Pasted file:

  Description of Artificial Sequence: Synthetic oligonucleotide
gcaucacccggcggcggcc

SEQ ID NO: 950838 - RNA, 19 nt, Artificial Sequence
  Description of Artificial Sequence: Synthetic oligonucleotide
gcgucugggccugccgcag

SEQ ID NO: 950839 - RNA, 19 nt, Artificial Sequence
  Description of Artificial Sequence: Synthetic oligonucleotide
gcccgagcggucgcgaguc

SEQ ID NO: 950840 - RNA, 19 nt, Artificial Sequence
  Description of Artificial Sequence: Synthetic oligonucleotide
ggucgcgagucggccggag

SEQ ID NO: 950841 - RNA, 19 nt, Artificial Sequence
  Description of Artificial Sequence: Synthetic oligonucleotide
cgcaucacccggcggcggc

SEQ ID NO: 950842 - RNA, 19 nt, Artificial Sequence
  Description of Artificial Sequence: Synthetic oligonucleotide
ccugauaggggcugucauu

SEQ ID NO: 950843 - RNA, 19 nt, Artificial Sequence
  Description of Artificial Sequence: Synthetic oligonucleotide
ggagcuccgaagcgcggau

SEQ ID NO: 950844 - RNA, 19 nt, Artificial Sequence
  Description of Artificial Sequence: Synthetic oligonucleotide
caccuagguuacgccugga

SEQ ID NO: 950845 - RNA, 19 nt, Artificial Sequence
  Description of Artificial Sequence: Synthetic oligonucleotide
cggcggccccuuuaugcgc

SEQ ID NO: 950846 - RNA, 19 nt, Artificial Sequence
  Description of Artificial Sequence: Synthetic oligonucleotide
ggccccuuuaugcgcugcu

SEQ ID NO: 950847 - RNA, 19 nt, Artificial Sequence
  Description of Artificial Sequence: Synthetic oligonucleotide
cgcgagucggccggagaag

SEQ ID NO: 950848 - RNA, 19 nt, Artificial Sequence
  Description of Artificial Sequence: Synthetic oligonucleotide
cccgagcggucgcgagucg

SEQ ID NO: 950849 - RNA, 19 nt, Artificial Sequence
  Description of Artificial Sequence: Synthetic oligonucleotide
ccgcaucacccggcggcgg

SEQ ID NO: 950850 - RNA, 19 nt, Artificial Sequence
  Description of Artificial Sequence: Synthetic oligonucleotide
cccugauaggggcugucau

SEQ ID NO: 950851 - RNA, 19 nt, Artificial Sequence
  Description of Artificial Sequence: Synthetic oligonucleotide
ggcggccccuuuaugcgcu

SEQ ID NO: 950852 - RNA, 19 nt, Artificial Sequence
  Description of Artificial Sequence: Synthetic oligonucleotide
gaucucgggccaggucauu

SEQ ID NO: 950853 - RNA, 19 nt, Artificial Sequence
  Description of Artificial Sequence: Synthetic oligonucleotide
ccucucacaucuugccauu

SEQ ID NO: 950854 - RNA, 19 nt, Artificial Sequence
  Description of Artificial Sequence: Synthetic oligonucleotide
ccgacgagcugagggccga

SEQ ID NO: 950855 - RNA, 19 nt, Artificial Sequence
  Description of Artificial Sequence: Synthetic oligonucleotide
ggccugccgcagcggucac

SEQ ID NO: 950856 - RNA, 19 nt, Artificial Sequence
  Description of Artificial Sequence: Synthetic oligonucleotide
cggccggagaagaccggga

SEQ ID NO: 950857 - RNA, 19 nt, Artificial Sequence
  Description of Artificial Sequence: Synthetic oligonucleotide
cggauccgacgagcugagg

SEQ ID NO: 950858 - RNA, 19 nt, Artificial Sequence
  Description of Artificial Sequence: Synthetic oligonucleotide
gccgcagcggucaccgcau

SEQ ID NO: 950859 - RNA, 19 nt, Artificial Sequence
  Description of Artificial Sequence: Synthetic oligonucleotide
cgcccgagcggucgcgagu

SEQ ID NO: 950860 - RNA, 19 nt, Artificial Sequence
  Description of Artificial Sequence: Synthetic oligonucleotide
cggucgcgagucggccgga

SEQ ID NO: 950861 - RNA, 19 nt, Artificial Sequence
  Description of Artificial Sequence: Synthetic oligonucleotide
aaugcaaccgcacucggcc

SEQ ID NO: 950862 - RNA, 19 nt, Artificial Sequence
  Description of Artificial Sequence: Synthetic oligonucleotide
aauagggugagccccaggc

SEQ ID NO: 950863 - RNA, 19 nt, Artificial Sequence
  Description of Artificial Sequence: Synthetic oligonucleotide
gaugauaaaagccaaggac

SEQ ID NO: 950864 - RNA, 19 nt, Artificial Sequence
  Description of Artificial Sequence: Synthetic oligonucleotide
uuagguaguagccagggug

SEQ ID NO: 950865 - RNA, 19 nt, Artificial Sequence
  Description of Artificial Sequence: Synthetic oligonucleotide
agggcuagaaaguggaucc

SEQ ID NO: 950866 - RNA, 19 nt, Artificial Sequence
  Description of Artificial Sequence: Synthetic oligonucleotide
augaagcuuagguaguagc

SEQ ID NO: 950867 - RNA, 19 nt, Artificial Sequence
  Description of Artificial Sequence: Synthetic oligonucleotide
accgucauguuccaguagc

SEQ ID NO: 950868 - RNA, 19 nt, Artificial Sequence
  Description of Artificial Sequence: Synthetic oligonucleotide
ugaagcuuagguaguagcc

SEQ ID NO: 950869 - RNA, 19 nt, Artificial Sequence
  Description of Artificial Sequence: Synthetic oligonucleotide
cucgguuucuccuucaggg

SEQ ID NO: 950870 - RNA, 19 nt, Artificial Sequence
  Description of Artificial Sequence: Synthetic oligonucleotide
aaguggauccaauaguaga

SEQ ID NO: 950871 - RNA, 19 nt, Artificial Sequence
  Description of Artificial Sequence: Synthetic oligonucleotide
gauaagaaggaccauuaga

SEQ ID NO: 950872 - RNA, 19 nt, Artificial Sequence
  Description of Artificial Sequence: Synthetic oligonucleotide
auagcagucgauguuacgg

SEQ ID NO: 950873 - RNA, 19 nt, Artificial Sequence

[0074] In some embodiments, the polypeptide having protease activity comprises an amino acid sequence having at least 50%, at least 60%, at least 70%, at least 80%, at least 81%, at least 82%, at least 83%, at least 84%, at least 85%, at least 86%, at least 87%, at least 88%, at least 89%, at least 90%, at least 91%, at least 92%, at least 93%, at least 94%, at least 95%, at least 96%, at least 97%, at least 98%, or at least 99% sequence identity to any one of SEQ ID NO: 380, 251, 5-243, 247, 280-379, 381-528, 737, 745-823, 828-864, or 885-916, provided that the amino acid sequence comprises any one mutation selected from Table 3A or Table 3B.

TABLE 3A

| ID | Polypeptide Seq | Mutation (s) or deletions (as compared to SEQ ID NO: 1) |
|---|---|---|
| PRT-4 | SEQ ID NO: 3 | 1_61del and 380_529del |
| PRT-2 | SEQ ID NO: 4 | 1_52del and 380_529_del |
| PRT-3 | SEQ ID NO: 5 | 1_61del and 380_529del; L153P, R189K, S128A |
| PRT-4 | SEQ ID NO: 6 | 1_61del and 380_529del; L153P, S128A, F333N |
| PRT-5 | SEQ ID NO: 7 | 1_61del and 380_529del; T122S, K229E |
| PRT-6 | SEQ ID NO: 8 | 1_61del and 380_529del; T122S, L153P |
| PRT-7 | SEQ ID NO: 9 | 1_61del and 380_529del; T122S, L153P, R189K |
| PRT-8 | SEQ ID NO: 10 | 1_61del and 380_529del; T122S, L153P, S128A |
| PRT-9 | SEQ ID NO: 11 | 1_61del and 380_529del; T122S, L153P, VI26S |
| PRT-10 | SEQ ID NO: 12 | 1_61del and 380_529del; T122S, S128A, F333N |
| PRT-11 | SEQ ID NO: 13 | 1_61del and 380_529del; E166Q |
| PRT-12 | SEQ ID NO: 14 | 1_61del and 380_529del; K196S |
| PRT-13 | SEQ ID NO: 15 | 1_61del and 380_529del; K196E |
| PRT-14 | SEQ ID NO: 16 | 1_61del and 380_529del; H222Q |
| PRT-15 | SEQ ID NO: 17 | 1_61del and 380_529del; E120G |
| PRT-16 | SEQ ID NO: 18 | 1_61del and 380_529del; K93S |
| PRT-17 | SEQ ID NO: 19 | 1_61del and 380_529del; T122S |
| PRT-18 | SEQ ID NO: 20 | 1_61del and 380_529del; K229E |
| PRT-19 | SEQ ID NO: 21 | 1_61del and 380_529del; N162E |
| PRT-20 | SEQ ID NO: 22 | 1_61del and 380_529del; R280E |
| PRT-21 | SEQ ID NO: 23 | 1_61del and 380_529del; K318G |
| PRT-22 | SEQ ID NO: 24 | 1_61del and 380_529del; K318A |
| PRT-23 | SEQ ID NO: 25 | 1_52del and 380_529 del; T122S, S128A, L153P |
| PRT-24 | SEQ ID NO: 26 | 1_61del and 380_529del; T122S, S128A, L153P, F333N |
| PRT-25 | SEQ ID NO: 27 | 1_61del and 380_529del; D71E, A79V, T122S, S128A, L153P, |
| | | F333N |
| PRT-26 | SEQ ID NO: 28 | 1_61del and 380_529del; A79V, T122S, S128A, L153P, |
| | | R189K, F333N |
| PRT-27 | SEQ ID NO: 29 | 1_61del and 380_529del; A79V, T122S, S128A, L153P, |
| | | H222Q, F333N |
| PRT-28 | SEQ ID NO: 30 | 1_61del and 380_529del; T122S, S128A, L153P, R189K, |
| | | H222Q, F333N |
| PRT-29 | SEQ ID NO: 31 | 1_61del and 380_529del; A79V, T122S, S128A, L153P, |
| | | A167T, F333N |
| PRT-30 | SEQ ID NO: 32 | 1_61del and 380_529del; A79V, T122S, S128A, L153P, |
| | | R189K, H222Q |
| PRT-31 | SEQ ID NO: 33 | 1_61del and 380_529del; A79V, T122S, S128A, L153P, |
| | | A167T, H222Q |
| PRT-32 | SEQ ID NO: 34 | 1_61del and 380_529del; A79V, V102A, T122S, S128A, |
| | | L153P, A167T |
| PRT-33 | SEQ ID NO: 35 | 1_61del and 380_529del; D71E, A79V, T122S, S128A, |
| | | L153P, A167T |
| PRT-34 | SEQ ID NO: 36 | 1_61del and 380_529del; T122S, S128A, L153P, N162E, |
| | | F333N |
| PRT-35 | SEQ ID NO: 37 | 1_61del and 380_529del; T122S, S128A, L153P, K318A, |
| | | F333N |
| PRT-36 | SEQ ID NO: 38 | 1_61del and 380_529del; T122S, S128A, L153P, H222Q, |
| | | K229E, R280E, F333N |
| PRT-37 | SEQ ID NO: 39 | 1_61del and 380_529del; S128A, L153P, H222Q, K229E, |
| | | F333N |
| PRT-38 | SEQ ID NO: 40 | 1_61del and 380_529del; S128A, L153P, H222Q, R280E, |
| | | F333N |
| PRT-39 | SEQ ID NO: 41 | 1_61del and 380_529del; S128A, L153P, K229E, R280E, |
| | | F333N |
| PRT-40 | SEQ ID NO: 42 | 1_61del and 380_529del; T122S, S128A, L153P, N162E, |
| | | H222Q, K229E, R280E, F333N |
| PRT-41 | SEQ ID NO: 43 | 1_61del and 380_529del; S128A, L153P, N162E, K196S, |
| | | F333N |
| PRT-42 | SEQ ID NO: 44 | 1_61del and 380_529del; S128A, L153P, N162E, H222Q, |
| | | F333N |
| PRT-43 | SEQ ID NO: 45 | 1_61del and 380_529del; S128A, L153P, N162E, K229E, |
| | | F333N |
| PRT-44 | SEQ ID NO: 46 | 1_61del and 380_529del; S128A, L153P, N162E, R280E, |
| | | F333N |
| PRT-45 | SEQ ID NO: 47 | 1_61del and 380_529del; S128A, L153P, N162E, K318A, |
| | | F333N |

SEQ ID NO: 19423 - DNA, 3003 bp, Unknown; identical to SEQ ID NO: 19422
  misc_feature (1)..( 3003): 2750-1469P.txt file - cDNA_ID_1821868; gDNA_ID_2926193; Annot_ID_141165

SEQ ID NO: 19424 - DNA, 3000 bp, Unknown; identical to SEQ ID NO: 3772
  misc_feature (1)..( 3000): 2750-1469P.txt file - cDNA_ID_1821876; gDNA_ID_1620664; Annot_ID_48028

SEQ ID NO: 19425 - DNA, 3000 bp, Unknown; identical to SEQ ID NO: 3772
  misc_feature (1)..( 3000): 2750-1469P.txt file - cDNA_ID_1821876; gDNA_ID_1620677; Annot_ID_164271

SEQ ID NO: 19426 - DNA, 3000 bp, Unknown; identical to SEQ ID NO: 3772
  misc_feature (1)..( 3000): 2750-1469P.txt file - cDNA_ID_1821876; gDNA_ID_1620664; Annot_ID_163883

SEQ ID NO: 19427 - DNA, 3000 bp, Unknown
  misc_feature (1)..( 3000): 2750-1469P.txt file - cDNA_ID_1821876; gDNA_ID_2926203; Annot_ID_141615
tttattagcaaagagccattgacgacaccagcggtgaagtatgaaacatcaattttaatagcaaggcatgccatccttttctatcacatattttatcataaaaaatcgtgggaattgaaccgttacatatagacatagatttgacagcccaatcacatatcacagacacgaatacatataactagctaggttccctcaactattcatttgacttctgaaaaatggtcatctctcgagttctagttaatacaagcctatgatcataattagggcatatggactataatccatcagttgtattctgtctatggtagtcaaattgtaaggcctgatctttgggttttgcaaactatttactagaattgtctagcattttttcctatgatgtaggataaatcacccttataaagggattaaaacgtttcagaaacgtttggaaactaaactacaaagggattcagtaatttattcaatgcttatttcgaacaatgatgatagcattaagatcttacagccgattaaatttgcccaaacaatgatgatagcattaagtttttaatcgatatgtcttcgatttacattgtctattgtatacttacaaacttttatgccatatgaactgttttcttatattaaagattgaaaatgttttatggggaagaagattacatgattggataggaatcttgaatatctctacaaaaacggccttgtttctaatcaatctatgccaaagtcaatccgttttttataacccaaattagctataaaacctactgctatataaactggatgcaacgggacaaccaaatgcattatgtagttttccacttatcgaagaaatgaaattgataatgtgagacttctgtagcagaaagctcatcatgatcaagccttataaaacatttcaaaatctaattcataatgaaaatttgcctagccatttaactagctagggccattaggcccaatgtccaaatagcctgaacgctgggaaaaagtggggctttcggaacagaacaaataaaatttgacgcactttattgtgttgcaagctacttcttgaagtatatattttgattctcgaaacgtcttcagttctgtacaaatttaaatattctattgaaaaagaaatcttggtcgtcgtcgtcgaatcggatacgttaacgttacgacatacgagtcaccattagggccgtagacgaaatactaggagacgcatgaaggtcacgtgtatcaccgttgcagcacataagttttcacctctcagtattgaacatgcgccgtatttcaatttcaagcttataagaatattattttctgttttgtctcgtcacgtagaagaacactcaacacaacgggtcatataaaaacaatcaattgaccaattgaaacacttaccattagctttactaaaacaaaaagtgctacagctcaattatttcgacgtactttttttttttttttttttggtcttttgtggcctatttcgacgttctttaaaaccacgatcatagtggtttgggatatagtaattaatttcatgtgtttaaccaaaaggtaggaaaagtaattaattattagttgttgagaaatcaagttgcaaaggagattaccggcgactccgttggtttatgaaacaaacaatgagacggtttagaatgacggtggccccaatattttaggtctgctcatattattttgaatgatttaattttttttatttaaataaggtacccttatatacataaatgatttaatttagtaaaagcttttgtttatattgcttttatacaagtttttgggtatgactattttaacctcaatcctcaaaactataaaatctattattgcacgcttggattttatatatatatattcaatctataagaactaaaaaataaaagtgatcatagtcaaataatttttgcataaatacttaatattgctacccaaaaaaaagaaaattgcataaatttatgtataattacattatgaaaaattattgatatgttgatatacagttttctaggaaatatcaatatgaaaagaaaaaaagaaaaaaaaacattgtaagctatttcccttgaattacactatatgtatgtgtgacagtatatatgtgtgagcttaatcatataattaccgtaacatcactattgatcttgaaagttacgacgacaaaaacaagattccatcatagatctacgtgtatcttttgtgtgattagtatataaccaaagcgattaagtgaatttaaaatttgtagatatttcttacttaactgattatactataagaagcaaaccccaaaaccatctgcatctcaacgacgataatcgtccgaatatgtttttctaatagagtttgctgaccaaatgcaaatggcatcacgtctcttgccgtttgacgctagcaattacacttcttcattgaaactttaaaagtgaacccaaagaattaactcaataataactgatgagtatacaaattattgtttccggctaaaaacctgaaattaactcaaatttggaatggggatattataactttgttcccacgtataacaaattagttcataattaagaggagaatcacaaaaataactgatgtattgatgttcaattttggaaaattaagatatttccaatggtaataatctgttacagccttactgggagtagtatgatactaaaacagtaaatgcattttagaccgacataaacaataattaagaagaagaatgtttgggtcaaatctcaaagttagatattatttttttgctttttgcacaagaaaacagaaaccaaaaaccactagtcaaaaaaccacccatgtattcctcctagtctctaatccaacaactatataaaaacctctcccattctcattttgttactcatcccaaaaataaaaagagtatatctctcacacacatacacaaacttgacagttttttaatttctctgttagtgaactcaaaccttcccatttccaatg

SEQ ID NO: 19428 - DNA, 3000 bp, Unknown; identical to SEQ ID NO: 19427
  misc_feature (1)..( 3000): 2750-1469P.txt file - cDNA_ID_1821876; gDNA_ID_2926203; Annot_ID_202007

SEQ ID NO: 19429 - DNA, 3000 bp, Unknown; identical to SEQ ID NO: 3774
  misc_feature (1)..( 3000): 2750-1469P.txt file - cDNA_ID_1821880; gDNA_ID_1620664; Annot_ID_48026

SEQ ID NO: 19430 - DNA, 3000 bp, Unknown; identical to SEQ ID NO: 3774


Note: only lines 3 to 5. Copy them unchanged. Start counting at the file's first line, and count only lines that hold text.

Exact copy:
SEQ ID NO: 950838 - RNA, 19 nt, Artificial Sequence
  Description of Artificial Sequence: Synthetic oligonucleotide
gcgucugggccugccgcag